Outside this core areas, in Jhelum District, there most important villages are Chautala (Jhelum Tehsil) , Chak Mujahid (Pind Dadan Khan Tehsil) and Tobah (Pind Dadan Khan Tehsil), while in Chakwal District, important Mekan villages include Mangwal, Vero, Lakhwal, Thanil Kamal, Dingi Zer, Dhoke Dhabri (almost evenly divided between Gondal and Mekan), Chak Bhoun, Dhoke Maykan near Thoa Bahdur and Ghugh (which largely a Ghugh Jat villages, but home to several Mekan families). The Mekan Jats in terms of population form the most important Jat clan in Chakwal.
While in Gujrat District, they are found in village Mekan in Kharian Tehsil, and in neighbouring Mandi Bahaudin District, there main villages are Lassouri Kalan, Lassouri Khurd, Mekan and Thatti Bawa.
The Talokar are another large an important Jat tribe of the Thal. Like the Jhammats, the Talokar claim to by descent Panwar Rajputs. According to their traditions, they are the related to Sial and Tiwana tribes. Supposedly all three tribes descend from three brothers, Tila, Sila and Taloka. Once again, like the Jhammat, the Talokar traditions state that they accepted Islam at the hands of the famous Sufi Baba Farid Shukar Gunj. The Talokars came from East Punjab in India, and first settled near Bhera in Sargodha District. Their first settlements were the villages were Kalara and Kurrar Talokar. From there, they spread to the east side of the Indus River, founding the villages of Bakharra (Kacha), Ding and Khola (Thal), in Mianwali District. Like the Niazi Pashtuns, who are their neighbours in Mianwali, the Talokar are subdivided in clans, referred to as khels. Important Talokar khels in Mianwali include the Lato Khel,Shahbaz Khel,Baqir Khel,Yaroo Khel, and Rangay Khel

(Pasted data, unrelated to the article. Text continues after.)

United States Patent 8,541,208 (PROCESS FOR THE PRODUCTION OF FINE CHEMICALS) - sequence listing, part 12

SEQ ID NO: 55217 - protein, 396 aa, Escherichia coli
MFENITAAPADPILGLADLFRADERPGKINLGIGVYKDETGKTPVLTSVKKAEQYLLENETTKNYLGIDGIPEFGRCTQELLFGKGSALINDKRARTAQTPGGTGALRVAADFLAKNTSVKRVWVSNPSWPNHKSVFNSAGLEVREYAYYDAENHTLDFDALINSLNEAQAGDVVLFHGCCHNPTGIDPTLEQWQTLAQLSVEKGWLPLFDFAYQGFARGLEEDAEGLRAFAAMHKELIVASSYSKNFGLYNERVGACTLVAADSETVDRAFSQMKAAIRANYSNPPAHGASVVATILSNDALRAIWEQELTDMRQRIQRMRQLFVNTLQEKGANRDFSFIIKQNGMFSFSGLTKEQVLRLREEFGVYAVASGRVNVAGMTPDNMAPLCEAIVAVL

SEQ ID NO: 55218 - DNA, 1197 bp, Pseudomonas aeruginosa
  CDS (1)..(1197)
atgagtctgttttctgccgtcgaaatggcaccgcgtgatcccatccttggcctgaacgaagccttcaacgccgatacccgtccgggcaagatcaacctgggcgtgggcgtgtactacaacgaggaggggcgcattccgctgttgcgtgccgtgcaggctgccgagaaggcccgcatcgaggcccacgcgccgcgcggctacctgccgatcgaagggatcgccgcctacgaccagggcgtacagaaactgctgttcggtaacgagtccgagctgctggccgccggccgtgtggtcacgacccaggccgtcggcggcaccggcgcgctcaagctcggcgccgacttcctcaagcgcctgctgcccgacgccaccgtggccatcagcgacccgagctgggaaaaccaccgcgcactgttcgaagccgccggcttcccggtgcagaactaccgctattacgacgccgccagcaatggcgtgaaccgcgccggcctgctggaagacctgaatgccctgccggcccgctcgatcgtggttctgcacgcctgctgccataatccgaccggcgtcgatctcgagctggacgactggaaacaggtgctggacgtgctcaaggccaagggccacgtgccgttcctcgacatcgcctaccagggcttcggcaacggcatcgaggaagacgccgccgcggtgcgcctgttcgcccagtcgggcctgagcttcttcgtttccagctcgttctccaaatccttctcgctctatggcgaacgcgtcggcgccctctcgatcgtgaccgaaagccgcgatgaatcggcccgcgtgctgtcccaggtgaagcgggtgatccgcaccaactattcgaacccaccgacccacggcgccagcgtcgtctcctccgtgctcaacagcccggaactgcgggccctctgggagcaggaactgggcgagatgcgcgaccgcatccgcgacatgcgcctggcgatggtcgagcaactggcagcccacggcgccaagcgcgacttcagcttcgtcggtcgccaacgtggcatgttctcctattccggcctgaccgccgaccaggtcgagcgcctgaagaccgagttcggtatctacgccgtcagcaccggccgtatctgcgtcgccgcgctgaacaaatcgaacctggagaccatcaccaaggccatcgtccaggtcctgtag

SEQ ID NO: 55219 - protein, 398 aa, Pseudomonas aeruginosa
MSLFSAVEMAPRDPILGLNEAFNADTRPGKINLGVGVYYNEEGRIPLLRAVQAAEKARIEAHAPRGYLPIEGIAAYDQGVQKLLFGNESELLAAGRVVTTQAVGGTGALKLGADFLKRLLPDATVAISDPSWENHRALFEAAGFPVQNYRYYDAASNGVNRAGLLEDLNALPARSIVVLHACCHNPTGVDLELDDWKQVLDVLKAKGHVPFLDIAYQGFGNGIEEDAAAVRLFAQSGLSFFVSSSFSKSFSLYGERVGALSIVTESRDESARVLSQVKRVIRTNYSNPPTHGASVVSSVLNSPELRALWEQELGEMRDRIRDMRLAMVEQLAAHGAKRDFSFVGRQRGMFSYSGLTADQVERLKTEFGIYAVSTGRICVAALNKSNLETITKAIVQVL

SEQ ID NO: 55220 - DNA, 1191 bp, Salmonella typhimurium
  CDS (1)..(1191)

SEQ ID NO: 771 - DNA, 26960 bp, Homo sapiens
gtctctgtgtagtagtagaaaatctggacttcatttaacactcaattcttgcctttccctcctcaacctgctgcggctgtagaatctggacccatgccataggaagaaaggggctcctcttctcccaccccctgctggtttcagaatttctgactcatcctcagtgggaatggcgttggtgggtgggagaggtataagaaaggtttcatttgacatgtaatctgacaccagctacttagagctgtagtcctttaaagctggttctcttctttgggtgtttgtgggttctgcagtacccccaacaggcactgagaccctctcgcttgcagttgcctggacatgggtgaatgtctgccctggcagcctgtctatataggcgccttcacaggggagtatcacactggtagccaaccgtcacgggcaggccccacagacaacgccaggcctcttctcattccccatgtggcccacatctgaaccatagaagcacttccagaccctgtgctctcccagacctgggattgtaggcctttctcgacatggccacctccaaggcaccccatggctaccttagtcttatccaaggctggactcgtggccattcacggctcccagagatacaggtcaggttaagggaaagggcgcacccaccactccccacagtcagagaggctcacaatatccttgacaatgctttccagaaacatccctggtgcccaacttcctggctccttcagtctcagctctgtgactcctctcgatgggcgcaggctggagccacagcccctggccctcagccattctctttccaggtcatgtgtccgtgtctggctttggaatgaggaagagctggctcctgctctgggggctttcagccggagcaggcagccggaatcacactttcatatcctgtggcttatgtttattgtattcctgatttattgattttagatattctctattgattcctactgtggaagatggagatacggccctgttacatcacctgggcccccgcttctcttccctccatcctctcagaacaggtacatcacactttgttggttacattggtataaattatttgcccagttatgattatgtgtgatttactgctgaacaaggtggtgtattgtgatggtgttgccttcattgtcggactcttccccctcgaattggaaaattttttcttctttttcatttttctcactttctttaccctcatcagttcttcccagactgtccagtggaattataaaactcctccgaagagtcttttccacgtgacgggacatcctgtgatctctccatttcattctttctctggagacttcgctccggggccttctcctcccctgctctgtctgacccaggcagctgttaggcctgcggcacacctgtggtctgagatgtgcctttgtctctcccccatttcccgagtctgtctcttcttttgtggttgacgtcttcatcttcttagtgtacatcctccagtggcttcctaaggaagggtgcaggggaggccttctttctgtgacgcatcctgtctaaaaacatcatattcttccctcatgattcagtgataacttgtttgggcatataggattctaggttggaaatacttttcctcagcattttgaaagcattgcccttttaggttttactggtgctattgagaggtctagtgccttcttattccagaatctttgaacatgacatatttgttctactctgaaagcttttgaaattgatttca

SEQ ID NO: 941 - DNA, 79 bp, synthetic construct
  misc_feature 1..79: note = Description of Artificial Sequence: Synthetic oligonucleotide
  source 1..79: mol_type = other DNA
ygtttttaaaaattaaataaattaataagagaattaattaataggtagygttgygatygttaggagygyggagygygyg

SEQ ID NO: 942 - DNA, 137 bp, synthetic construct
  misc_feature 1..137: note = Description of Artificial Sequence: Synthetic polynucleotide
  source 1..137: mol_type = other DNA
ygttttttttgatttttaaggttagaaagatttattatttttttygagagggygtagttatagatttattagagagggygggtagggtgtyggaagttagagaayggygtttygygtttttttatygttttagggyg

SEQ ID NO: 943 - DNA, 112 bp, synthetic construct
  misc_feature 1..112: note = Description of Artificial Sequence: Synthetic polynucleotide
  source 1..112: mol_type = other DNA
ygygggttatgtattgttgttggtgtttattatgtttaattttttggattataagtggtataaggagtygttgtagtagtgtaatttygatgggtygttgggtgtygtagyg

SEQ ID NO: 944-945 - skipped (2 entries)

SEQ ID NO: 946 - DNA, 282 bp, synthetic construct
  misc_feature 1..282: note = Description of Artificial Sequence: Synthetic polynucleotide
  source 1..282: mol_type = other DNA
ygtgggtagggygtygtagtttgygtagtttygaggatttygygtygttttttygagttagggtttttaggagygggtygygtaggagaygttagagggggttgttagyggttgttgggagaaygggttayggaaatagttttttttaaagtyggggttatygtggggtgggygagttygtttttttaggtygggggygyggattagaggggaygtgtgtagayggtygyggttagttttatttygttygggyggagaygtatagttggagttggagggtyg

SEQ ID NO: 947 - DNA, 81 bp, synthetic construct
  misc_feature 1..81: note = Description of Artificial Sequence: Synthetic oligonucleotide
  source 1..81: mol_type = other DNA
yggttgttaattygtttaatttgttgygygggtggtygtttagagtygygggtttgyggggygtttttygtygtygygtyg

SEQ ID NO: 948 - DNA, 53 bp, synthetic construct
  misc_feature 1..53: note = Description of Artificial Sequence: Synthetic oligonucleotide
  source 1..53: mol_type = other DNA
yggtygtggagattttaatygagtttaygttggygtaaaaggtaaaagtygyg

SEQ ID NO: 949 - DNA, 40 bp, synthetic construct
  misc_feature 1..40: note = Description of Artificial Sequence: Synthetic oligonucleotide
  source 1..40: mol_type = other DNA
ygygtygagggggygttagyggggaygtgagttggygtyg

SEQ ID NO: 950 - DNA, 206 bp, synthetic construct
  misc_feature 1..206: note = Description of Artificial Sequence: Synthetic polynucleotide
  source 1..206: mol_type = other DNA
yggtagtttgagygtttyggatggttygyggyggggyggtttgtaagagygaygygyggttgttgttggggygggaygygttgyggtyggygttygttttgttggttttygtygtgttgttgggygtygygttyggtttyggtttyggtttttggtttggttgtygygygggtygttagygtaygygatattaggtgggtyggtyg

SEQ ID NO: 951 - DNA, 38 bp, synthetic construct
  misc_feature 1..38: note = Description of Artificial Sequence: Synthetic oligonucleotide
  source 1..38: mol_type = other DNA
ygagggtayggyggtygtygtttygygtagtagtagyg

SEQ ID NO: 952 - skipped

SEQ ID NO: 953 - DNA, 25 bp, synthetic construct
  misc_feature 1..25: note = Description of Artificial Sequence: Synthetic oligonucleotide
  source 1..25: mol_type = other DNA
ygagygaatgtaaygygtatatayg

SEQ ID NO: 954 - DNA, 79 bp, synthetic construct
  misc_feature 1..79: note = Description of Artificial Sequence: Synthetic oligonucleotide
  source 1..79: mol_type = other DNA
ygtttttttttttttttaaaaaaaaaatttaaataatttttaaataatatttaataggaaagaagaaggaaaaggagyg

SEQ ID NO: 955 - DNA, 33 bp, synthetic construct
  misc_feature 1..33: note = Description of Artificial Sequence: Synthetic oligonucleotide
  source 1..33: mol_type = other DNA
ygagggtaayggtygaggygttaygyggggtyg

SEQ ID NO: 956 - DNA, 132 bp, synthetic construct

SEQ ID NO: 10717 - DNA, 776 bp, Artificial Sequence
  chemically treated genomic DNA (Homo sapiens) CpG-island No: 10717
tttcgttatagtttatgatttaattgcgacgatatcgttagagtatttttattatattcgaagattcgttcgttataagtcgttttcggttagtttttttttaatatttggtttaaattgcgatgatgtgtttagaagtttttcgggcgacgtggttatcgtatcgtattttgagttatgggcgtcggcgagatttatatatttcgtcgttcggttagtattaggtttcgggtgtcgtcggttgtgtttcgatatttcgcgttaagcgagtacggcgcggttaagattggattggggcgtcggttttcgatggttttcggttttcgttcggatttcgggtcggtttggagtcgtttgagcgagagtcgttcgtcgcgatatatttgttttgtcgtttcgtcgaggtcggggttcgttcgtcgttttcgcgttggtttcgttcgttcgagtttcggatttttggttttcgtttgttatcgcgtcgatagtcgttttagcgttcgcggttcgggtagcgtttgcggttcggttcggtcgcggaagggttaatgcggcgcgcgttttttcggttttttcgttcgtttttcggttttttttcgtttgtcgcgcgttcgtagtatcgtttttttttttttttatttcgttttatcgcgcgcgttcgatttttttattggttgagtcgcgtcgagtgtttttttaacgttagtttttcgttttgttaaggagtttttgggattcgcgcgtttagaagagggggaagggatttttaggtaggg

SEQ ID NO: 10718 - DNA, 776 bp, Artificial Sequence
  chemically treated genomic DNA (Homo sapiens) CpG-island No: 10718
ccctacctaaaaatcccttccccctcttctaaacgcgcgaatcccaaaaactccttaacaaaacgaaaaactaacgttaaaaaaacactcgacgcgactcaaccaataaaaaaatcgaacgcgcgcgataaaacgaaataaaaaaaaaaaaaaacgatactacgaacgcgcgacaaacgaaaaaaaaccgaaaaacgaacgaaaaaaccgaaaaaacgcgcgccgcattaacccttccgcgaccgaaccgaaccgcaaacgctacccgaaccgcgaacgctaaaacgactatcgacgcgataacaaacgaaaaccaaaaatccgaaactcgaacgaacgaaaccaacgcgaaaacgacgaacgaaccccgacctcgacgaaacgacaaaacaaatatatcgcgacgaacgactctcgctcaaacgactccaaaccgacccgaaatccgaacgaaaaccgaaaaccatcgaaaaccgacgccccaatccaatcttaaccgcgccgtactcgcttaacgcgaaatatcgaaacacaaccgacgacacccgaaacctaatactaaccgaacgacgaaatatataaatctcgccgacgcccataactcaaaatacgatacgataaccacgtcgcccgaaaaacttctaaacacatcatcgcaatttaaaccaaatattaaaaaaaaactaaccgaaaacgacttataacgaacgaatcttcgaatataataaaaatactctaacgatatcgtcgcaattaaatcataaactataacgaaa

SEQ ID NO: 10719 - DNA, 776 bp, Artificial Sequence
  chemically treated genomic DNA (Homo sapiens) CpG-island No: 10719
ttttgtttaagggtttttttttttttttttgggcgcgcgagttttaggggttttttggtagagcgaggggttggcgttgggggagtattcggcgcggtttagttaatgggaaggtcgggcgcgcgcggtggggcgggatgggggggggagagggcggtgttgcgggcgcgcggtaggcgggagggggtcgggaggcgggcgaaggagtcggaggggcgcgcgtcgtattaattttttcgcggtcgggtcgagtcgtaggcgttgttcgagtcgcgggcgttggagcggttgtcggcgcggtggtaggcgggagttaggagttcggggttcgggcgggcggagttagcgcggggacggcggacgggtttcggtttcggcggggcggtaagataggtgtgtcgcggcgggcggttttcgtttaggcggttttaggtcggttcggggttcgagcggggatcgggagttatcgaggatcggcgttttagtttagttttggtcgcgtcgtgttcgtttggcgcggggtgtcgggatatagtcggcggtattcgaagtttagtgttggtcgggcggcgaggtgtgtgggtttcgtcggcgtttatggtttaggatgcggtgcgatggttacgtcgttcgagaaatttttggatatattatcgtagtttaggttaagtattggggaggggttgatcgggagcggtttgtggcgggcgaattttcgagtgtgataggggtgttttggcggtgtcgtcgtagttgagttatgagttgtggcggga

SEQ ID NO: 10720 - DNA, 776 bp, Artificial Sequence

Important Talokar villages include Talokar, Talokar Shumali, Talokar Jannubi and Chak Talokaranwala and a good many other villages near the town of Noor Pur Thal in Khushab District. A small number of Talokar are also found in Bandial village near the border with Mianwali District. In Mianwali itself, there villages include Ding Khola Talokar (New Ding Sharif, Saeed Abad (Sharqi and Gharbi), Lal Khelan wala, Zaman Kelan wala, Hashim Naggar, Tahir Abad, Shahbaz Khelanwala and Khanqah Sirrajia.
The last tribe I will look at in this post are the Tulla, who are much more localized then the tribes discussed. They are a classic Chaj Doaba Jat, raising cattle, and leading a nomadic lifestyles until the arrival of the British.
According to their traditions, they are, in fact, a sept of the Gondal Jat tribe. They say, their ancestor being childless vowed that if he had a son he would give his weight in gold and silver to the poor. His son was so weighed and was give the nickname Tula, from the Punjabi word tolna, which, means to weigh. However, the Tulla are now independent of the Gondals, being considered a distinct tribe.
Their villages are found mainly in the Shahpur Tehsil of Sargodha District, such as Jahanabad, Mahmud Tulla and Jalpana. Other important Tulla villages is Miana Kooh in Mandi Bahaudin district.